It’s called positioning— And it’s as critical in a resume as it is in martial arts! Here’s what I mean . . . A friend of mine is training in the ancient fighting art of Wing Chun kung fu. Following a recent lesson, he shared what he had learned about positioning—he could actually be slower than his opponent and still beat that opponent. The key is to position yourself properly. As he gained knowledge of the Wing Chun methods and the use of peripheral vision, awareness, and interpretation of his opponents’ movements, he discovered that he can actually know what his opponent is going to do before he does it. And the crazy part is, it actually looks as though he’s moving faster than he really is.
The Office of Personnel Management (OPM) has been hard at work in the background making changes and tweaks to the USAJOBS website since February of this year. Their hope is that you haven’t noticed anything, other than the fact that things are getting better. The changes are based on feedback from the hundreds of millions of users just like you that have provided much needed information on what they see as limiting to the site’s effectiveness. Their goal is to make the site—you guessed it—user friendly.
Cybersecurity is one of the hottest buzzwords on the planet right now. It’s everywhere: TV, military, and, yes, even in government. It’s pervasive in today’s culture. The point is this; as technology continues to advance, so will the need for professionals who can keep our cyber systems secure. That’s why it’s one of the largest federal job categories in the government. The Department of Homeland Security (DHS) is hiring! Cyber crime is already huge and it will likely continue to grow. Even the Air Force has a designated mission that includes the protection and security of cyberspace. That’s how critical cybersecurity is in today’s world.
The question, I think, is a familiar one—and worth discussing. Advice is offered from members of the group, many of whom have been in the very same battle between the federal and civilian worlds. It’s a tough decision, as there are benefits to both. And that brings us to the premise of this article. We'll look at 5 things that stood out to me as items you may want to consider as you make the decision to go with a federal position or opt for the civilian sector. But first, some context to get us started: the original question from LinkedIn that got the ball rolling.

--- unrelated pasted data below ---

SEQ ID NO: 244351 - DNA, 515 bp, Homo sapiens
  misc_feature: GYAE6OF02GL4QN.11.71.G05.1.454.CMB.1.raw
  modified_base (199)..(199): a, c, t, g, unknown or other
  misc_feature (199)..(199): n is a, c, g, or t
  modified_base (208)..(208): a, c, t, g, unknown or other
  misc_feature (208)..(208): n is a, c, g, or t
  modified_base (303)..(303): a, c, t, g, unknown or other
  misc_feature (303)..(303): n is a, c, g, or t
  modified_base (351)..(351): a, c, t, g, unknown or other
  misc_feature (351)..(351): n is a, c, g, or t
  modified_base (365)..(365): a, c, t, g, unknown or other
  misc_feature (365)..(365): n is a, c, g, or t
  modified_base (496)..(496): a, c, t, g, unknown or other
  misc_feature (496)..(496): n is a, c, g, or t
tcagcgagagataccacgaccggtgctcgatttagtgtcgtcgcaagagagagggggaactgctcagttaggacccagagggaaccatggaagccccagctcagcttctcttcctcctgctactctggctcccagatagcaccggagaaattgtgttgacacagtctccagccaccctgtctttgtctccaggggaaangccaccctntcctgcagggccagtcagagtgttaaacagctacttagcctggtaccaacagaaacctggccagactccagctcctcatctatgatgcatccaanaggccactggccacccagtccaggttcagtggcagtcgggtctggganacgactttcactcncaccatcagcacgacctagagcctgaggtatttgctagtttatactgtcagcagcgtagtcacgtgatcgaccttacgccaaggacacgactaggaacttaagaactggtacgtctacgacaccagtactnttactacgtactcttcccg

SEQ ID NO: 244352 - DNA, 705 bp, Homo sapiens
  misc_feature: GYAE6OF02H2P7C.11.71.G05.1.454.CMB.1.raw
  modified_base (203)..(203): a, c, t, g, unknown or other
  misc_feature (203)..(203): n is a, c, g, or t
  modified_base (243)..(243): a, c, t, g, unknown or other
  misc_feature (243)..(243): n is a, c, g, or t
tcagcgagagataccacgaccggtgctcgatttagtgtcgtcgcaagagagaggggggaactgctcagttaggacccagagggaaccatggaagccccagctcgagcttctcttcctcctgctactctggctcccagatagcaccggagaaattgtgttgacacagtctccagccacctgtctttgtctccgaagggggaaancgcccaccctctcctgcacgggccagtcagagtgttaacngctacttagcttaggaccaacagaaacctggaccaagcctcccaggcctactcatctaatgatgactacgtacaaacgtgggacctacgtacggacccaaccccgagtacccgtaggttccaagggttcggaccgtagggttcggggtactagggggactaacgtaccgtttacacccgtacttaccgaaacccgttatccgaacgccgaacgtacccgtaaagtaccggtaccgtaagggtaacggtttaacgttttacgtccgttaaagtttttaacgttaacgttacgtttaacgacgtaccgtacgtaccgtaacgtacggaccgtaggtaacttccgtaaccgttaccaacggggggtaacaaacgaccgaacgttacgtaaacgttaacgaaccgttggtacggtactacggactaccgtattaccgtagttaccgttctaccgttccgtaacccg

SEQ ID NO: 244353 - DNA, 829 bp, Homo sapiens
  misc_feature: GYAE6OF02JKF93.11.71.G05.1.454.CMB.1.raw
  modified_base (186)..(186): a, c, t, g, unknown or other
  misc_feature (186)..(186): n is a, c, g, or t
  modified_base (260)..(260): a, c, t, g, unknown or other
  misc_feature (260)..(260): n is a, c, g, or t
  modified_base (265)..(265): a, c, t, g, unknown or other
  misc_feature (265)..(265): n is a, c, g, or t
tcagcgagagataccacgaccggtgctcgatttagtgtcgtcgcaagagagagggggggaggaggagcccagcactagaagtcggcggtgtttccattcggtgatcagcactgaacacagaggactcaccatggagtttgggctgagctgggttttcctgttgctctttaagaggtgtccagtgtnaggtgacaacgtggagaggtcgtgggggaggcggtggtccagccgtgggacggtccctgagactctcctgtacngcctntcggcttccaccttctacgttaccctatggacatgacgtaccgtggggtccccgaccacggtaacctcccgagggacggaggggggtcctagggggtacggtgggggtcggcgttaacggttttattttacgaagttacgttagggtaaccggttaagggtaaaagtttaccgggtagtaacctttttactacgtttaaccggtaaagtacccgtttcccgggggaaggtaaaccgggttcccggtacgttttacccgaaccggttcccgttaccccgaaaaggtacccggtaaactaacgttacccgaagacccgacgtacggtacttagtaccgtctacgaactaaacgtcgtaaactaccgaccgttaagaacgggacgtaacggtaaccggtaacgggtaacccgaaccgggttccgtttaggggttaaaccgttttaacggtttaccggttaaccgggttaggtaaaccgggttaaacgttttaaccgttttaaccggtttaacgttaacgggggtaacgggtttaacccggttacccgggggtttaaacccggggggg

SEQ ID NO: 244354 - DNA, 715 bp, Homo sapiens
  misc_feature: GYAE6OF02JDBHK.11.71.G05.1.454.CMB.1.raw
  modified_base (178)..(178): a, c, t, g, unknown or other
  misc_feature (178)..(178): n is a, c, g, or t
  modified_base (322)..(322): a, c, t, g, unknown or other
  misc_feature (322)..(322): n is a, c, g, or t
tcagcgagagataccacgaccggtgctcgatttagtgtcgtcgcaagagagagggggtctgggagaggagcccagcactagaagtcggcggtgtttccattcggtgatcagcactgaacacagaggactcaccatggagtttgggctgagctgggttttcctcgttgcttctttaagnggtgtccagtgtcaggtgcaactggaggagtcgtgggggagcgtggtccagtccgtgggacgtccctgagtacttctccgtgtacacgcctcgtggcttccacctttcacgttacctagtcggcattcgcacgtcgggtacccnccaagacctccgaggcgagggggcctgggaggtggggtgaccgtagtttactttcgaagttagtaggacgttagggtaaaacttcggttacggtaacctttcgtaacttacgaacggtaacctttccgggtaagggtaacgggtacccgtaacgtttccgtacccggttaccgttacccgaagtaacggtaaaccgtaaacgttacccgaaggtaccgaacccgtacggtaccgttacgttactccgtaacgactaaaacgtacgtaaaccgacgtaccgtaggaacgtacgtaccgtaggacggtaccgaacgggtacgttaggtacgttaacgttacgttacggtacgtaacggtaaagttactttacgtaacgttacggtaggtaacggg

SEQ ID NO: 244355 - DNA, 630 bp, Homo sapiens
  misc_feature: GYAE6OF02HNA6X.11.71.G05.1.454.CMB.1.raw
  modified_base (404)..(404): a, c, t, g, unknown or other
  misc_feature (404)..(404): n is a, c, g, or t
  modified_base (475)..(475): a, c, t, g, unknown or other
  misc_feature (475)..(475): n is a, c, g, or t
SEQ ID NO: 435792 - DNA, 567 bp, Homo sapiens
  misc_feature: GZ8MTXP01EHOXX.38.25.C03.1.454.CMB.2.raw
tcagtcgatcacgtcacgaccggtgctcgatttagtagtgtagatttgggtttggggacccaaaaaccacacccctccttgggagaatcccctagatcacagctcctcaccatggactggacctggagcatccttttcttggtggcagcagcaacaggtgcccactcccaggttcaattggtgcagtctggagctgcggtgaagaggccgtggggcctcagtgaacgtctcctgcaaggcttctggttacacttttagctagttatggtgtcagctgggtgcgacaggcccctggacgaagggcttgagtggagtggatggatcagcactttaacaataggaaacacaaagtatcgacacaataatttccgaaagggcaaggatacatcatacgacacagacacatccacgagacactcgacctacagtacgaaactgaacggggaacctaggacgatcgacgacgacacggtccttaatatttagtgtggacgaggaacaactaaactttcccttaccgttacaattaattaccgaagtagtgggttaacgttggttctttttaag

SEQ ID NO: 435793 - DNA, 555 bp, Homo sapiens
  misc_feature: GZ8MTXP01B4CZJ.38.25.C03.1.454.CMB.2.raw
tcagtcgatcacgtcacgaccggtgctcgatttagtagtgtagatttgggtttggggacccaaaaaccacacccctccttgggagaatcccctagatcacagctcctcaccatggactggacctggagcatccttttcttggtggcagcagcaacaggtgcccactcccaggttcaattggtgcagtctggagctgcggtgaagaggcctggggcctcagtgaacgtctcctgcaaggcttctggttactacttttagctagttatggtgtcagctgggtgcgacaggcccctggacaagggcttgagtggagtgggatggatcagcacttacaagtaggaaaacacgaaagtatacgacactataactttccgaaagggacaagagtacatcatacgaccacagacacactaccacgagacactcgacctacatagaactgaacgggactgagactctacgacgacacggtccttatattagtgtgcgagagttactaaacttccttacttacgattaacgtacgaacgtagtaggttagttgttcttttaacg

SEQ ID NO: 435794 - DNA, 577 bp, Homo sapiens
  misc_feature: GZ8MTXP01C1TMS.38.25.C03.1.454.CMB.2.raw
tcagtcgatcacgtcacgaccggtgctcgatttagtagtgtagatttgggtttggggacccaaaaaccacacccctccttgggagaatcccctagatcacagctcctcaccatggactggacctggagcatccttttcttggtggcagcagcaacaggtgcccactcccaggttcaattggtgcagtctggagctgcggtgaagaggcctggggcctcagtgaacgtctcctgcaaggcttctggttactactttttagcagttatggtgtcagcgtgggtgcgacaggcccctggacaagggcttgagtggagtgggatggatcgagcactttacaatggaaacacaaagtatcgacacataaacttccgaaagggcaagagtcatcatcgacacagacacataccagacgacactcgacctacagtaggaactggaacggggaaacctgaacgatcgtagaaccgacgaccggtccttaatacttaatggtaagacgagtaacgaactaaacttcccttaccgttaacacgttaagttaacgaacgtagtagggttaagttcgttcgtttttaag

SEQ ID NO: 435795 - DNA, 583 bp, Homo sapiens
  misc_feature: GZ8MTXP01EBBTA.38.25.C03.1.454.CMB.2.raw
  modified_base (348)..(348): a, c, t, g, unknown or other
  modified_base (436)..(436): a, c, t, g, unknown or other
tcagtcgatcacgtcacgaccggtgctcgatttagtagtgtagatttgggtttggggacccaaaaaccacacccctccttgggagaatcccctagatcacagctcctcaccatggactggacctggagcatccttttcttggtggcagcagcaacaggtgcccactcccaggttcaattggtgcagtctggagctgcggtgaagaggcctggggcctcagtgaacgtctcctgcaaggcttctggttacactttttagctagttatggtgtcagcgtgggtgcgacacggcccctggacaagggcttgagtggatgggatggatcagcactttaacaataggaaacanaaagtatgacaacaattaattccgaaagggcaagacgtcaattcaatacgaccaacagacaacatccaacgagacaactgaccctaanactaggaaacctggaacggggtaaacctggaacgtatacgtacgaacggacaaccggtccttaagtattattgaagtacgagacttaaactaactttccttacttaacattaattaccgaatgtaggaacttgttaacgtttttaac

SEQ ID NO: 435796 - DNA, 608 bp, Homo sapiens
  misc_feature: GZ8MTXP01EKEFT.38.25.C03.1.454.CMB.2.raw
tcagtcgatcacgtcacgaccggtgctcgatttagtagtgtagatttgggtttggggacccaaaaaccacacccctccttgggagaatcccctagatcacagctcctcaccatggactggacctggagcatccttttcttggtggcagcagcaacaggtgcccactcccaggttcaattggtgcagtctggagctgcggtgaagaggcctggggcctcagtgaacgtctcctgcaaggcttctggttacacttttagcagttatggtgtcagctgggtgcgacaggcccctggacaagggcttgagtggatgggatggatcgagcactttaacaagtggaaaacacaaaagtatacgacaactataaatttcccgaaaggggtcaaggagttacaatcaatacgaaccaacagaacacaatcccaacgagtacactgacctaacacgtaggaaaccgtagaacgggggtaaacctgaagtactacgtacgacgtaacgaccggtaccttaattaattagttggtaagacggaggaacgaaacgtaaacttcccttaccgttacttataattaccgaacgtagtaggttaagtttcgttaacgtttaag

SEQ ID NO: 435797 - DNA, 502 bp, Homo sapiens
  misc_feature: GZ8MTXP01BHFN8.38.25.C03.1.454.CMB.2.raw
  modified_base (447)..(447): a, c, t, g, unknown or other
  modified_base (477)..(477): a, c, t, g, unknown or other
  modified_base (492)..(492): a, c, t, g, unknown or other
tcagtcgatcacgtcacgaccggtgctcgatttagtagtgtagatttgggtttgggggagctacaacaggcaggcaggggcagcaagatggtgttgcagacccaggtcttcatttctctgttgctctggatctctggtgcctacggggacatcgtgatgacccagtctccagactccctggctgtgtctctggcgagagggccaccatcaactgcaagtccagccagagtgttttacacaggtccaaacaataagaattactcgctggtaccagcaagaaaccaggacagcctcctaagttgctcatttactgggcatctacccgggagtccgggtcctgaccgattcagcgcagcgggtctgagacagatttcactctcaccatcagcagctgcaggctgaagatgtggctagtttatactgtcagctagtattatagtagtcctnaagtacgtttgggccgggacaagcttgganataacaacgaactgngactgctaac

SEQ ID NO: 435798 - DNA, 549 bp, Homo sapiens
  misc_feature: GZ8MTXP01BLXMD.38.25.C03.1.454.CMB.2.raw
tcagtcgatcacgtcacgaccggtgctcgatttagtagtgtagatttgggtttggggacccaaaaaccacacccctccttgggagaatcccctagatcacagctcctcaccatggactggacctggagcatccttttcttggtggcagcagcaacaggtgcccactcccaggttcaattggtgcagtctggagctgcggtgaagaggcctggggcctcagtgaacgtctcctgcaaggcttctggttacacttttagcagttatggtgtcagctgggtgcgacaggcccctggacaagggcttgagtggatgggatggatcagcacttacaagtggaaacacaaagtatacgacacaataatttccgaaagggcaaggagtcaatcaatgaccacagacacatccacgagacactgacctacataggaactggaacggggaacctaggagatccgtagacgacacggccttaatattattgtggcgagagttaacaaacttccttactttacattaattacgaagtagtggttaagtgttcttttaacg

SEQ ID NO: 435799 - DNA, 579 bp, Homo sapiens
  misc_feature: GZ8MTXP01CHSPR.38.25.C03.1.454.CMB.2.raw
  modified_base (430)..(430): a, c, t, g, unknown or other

Next to accomplishments, keywords may be one of the most effective ways to optimize your resume. Why? Because the strategic use of keywords in your resume shows that you care about the results. You’ve actually read the job announcement and have comprehended the requirements of the position. The job announcement is the first place you should look when assembling your list of keywords and beginning to write. The duties list is there for a reason—it tells you what you’ll be doing in the position. After all, you’ll want to know what the job requires and match your skills and experience with those duties.
According to statute (5 U.S.C. 3133), there is no limitation on the total number of SES positions. The Office of Personnel Management (OPM) is required to allocate spaces on a biennial cycle and each agency is allowed to establish positions according to their needs. This can be done without approval from OPM. The agencies are expected to manage their resource needs within the allocation process, as much as possible. This includes reprogramming of allocated spaces, along with flexibility to meet unanticipated needs. The biennial process is also used for Senior Level and Scientific Professional spaces. This is considered part of the strategic management of the total executive resource pool.
Do you walk into an interview ready to answer the tough questions...but are you also ready to ASK the tough questions? Most of us prepare long and hard in order to do well enough to answer interview questions, impress the hiring manager, and get the job offer. But have you considered what to ask when you’re given that opportunity to ask questions?
I remember thinking it would take forever to get through school. Now that I’ve been out for a few decades, I realize how quickly it flew by. The same can be said about life...and career. It goes by shockingly fast. Some people don’t have a clue what they want to do for a career. But others know exactly what they want; they just need a little guidance. If you’re convinced that a federal career is right for you, then you may want to expedite your job search with a Master Federal Career Advisor.
The Competitive Service consists of Civil Service positions in the executive branch of the federal government with a few exceptions, as defined in Section 2102 of Title 5, United States Code (5 U.S.C. 2102). In the Competitive Service, applicants must compete (as the term implies) for their positions through a competitive hiring process. This process is open to all applicants eligible to apply.
“So what do I need with an interview coach? Are they really worth the money?” you ask yourself. It’s an important question that only you can answer and an important decision to make for your career.